Accessible Care: Challenges and Opportunities Related to Radiology Services in Rural Areas
By Keith Loria
Vol. 20 No. 12 P. 22
At a time when many rural hospitals are closing and an increasing number of areas are being designated as underserved, there is a great need to ensure access to vital medical services, including medical imaging. Eric B. Friedberg, MD, FACR, vice chair of the ACR Commission on General, Small, Emergency, and/or Rural Practice, says the best way to classify the state of radiology in rural areas today is that it goes from the “very challenged to outright crisis.”
“Approximately 20% of the US lives in ‘Rural, USA,’ so you’re talking 60 million people, and the number of hospitals that have closed in these environments since 2010 is around 100-plus, with at least 20% of the rural hospitals we have being vertically challenged and on the road to bankruptcy and potential closures,” he says. “When they close, it profoundly impacts the community.”
John Simon, MD, founder and CEO of SimonMed Imaging, a company that operates outpatient medical imaging providers and physician radiology practices in rural areas, says radiology is underserved in rural America and people often lack access to basic health care services; specialized care such as radiology is almost nonexistent.
“Competition from larger urban providers, both for patients and physicians, has also contributed to the decline of the rural health care delivery system,” he says.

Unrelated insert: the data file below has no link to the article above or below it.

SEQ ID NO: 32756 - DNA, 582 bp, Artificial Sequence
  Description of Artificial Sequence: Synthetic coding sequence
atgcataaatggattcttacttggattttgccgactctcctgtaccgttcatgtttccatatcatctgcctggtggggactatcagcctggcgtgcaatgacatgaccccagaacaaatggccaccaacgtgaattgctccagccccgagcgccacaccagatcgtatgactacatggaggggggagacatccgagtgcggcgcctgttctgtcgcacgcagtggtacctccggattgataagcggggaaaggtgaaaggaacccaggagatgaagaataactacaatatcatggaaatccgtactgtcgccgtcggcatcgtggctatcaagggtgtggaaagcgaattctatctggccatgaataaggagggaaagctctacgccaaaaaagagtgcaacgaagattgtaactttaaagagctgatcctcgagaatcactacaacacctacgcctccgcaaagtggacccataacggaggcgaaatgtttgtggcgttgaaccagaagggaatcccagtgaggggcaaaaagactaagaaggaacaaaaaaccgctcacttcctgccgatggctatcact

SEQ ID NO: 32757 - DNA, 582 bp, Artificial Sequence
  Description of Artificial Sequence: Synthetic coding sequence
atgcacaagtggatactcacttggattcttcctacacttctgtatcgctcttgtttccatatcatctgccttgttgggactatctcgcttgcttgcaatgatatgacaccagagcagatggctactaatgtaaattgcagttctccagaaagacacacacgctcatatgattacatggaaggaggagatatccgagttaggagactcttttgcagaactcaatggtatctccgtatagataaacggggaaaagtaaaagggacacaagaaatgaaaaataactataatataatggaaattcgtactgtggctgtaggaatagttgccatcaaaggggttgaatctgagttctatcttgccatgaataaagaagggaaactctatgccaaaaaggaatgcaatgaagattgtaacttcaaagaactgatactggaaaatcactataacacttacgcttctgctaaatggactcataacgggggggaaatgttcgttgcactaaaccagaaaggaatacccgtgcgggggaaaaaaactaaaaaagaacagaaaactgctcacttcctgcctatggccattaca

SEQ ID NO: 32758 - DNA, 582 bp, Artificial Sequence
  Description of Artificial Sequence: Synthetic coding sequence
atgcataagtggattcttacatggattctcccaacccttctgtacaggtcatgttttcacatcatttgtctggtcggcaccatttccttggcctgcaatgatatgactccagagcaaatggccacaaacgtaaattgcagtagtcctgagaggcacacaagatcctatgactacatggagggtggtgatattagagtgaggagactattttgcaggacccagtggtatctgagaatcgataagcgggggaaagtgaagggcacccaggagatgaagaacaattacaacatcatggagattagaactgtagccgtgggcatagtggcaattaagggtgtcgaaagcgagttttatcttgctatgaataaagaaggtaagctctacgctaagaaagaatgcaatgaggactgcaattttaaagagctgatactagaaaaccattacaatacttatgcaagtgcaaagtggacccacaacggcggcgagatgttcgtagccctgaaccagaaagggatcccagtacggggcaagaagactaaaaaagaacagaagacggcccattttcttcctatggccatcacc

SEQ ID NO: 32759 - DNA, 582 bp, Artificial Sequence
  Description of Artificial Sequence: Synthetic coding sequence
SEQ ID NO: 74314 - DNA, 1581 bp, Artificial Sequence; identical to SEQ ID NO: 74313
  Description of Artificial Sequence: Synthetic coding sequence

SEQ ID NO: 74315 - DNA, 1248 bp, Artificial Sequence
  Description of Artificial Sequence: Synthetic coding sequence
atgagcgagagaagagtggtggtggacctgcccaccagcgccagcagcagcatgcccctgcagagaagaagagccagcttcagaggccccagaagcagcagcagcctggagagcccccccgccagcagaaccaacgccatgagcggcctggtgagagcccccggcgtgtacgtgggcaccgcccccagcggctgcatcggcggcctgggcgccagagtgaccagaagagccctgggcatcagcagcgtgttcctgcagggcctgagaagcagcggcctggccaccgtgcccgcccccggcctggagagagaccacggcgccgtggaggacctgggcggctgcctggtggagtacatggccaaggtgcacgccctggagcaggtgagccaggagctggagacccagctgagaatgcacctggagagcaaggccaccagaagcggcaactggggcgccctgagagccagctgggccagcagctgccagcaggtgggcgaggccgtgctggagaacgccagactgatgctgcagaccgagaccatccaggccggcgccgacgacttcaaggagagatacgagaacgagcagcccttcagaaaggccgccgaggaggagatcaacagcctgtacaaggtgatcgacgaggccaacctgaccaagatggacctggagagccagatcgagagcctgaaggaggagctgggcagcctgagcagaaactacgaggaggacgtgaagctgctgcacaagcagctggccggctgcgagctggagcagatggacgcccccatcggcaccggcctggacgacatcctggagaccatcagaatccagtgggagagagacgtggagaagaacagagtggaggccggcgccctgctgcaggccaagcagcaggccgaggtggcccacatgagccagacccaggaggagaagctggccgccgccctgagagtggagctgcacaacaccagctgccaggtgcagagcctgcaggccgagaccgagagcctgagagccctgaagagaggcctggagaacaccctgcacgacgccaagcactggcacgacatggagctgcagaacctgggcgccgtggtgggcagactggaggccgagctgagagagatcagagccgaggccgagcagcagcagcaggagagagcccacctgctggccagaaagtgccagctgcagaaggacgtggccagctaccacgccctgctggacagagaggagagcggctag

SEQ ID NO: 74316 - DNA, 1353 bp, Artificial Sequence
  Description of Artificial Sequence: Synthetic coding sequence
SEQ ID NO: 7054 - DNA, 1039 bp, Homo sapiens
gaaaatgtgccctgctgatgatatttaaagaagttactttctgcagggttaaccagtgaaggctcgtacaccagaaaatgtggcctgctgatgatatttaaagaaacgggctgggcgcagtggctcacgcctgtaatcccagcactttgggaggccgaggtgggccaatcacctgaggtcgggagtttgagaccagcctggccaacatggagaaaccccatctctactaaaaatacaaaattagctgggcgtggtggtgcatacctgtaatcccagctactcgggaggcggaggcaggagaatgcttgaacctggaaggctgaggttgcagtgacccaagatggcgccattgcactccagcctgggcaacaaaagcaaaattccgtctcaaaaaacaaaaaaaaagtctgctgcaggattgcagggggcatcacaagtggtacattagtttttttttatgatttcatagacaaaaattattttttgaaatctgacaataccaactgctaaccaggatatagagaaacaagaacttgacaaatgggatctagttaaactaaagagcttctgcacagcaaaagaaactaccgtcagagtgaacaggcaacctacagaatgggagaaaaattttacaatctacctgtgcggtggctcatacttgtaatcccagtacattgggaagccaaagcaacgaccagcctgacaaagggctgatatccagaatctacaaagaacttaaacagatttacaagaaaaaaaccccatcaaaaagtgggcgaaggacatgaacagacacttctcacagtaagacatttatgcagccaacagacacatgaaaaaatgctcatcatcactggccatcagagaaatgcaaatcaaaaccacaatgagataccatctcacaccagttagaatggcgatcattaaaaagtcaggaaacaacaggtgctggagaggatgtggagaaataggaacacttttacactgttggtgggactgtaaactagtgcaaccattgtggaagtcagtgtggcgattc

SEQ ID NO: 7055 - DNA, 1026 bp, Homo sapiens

Charles Duffy, COO at Mercer Plains Medicine in Macon, Georgia, says right now in rural areas, radiology is one of the greatest needs.
“It all comes down to access for the patient and affordability of the equipment to the practice,” he says. “Fortunately, at Mercer Plains Medicine, we’ve found affordable equipment so we can provide that access to patients throughout Georgia.”
Rob Cascella, chief business leader of precision diagnosis at Philips, says when it comes to radiology practices and departments in rural areas, the industry has a long way to go before they match the level of access and capability of their counterparts in urban environments.
“Consolidation in health care has been a factor for years, and it continues to shape the business of health care—particularly in rural areas,” he says. “As the shift to value-based care continues, it’s becoming evident that hospitals—no matter their location—need to move from individual imaging procedures to connected, comprehensive care. But, as more health systems consolidate across the US, specialty practices—including radiology—are being impacted.”